Vasquez said it is the school district’s responsibility to make sure there is “no harassment in our schools, whether it’s from the teacher to the student, or student to student or even student to teacher. I know that happens, sometimes, too.

“There should be no harassment whatsoever in our schools,” Vasquez , himself a former teacher, said.

Fort Worth ISD has been credited with having one of the most comprehensive anti-bullying and anti-harassment policies in the state, having adopted individual policies within the last year to include prohibitions against harassment and bullying, including that based on sexual orientation, gender identity and gender expression, for both teachers and students.

This article appeared in the Dallas Voice print edition September 30, 2011.

—  Michael Stephens

Oak Lawn psychologist elected to TPA board

Dr. Gregory Simonsen

From Staff Reports

Officials with the Texas Psychological Association this week announced that Dr. Gregory Simonsen has been elected to the Texas Psychological Association’s Board of Trustees.

Simonsen starts a three-year term on the board this month after being elected by members of TPA in the fall of 2010. In his capacity as board member, he coordinates psychologists in North Texas and their contacts within the Texas Legislature as well as disseminating information regarding the Texas Psychological Association to members through various local psychological associations.

Simonsen has been in private practice in the Oak Lawn area for 10 years. He has been active in the psychological community of Dallas as a member of the Dallas Psychological Association and is currently serving as the past president of that organization.

Simonsen specializes in LGBT issues and he presents to the community on various psychological topics.

He is also adjunct professor for local universities on occasion.

This article appeared in the Dallas Voice print edition Jan. 14, 2011.

—  John Wright

Anti-bullying bill leaves out trans protections

Rep. Mark Strama, who’s considered an LGBT ally, may not realize how big a mistake he’s making by omitting gender identity/expression from his bullying bill.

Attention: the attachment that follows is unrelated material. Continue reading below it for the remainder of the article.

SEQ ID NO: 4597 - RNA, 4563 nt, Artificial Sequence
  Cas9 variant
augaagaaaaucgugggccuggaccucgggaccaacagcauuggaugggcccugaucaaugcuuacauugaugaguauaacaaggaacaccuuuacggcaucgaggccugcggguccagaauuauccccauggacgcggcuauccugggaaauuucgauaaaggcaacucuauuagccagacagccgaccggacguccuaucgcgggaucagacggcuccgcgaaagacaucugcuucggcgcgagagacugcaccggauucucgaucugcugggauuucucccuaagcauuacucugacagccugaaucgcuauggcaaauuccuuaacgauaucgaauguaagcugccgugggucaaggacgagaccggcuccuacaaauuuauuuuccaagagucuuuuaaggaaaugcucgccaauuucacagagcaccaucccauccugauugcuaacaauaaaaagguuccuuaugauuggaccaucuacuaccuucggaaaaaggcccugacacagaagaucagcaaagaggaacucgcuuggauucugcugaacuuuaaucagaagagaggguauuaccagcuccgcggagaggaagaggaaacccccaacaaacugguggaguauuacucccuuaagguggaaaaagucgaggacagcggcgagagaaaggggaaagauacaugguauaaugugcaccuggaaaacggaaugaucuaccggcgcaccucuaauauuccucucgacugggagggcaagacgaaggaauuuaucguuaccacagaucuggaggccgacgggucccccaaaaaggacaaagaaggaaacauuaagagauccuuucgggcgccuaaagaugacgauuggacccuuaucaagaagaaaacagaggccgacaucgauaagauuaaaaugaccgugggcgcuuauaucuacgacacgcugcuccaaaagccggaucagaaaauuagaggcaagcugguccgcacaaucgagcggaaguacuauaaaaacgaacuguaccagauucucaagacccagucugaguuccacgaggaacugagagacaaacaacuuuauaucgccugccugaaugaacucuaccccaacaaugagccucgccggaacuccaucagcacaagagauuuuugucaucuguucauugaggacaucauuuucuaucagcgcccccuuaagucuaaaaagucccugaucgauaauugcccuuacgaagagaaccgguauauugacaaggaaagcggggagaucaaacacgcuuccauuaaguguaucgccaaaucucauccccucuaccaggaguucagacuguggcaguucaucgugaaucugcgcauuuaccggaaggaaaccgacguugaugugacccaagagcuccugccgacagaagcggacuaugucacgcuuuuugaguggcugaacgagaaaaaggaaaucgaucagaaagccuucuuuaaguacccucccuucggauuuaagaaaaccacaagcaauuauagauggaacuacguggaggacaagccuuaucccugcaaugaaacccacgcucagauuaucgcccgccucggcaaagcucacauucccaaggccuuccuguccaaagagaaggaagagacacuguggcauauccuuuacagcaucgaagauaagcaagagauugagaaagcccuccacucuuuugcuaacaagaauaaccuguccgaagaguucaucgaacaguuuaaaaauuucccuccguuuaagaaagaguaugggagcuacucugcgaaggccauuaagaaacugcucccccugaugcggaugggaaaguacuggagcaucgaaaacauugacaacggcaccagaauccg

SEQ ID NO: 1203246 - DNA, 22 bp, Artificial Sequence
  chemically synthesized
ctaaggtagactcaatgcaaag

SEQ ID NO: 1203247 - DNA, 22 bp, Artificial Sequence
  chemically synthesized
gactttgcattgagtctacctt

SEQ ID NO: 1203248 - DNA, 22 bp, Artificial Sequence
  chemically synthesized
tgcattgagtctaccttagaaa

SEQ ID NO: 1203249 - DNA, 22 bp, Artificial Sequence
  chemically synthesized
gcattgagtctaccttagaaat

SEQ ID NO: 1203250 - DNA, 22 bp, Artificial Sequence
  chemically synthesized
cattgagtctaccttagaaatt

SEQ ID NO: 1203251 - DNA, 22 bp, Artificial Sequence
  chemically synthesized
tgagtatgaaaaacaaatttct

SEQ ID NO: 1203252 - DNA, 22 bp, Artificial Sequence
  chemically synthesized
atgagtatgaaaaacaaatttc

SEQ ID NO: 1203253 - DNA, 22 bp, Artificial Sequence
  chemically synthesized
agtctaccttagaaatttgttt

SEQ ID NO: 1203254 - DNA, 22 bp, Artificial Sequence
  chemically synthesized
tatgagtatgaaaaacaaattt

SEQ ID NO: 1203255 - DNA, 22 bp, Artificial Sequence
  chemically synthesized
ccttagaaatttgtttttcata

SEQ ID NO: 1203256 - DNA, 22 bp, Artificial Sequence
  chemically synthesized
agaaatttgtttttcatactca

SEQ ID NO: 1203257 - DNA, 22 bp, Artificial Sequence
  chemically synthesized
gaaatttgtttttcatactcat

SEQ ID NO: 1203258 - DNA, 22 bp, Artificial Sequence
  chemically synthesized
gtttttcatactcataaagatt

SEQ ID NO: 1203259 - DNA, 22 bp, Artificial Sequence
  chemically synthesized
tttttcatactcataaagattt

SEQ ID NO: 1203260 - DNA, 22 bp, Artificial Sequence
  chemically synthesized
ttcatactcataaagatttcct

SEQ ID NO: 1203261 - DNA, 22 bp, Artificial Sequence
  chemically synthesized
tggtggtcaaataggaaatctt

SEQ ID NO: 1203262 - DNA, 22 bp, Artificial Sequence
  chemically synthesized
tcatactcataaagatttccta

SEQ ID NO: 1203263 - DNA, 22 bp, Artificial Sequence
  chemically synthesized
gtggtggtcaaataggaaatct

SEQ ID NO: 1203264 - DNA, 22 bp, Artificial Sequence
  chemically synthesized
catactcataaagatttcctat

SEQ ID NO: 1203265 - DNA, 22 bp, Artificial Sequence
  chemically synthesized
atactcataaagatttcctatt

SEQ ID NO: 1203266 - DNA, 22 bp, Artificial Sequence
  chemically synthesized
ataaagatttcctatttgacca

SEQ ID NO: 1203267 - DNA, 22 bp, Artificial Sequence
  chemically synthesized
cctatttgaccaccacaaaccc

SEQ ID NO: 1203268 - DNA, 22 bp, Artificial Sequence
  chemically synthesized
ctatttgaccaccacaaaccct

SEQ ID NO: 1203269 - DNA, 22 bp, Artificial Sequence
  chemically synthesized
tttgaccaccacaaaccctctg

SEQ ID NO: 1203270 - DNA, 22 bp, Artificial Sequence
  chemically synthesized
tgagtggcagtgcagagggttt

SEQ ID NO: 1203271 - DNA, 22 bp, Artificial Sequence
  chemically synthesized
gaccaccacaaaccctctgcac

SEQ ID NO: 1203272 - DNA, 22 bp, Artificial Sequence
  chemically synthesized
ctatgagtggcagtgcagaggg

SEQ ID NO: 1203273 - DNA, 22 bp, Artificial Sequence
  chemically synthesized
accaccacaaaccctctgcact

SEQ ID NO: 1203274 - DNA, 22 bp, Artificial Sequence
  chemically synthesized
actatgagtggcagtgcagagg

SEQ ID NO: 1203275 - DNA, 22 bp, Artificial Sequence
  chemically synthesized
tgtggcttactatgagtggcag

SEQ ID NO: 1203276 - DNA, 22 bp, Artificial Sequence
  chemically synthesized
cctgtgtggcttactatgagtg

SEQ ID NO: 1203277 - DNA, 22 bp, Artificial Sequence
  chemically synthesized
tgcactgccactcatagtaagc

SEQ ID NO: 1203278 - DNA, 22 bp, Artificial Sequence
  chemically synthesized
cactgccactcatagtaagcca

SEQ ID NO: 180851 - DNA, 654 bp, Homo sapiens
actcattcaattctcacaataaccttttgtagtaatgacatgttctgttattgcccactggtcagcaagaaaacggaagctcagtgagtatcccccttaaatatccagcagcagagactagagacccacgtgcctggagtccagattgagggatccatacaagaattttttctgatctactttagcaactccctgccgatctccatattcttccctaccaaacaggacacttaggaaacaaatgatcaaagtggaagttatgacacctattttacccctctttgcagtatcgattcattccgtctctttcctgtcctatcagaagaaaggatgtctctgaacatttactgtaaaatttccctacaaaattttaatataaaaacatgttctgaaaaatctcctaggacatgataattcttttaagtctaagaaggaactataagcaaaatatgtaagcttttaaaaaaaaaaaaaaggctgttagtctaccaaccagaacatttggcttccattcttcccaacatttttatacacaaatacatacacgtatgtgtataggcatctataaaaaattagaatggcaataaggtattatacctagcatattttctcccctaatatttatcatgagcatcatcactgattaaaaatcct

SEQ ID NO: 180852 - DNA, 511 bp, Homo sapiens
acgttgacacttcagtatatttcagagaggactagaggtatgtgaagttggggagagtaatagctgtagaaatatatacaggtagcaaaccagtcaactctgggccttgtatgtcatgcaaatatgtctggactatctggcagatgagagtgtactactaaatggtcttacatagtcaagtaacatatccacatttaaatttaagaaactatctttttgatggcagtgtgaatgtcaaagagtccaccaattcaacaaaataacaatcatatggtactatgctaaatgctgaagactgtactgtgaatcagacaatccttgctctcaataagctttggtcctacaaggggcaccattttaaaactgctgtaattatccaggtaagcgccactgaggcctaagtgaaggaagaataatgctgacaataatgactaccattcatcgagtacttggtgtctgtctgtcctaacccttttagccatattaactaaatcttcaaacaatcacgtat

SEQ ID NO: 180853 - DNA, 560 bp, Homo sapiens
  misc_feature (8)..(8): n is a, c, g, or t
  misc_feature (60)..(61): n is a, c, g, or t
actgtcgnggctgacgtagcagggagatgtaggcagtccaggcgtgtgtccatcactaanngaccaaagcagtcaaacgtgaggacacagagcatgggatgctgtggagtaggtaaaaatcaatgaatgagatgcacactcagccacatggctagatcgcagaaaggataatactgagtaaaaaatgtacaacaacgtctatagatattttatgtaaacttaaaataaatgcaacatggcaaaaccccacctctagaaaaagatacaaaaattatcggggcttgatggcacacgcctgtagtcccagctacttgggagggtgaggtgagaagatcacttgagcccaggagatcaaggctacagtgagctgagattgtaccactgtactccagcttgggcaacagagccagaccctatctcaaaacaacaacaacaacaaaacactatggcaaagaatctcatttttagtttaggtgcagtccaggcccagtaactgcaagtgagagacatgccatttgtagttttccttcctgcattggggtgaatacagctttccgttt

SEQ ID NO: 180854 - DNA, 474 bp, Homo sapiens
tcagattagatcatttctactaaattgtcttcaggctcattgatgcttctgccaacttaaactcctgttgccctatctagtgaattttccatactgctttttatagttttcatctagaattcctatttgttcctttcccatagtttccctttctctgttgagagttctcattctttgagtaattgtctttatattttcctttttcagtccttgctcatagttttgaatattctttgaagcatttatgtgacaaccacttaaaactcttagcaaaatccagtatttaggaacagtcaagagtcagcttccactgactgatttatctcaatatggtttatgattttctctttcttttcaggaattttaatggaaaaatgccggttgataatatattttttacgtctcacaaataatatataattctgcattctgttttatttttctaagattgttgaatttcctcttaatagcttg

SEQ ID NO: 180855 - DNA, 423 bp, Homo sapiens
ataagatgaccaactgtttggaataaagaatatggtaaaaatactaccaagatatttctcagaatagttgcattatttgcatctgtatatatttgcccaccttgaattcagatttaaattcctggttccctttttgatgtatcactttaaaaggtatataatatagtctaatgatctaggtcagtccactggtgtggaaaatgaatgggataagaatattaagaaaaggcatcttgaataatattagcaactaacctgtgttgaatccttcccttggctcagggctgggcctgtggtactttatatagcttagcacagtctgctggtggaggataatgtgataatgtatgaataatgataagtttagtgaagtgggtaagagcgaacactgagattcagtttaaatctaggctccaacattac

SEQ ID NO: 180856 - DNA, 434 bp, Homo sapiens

Later today the Dallas ISD’s board of trustees will vote on a bullying policy that, if approved, would make the district the first in the state to specifically outlaw bullying based on actual or perceived sexual orientation and gender identity/expression.

Obviously one of the keys here is gender identity/expression, which covers not only students who are transgender, but also students who are perceived by classmates as not meeting gender stereotypes. Clearly, this is a major factor behind bullying — students who are made fun of, for example, for being “sissies” or “tomboys.”

So why, then, would a state representative who is considered an LGBT ally file an anti-bullying bill that includes sexual orientation but NOT gender identity/expression?

Rep. Mark Strama, D-Austin, last week filed HB 224, this session’s version of the comprehensive anti-bullying legislation that Strama authored in 2009. But for some reason, and we still aren’t exactly sure why, Strama has left out gender identity/expression this time. The 2009 version of Strama’s bill, HB 1323, which almost made it to the House floor, included both sexual orientation and gender identity/expression. However, this year’s version includes only sexual orientation.

We contacted Strama’s office on Wednesday, but we still haven’t heard back. Earlier today we spoke with Chuck Smith, deputy director of Equality Texas, who assured us he’s well aware of the omission. Smith said “gender identity/expression” was in every version of Strama’s bill  that Equality Texas reviewed, but suddenly disappeared from the version that was filed.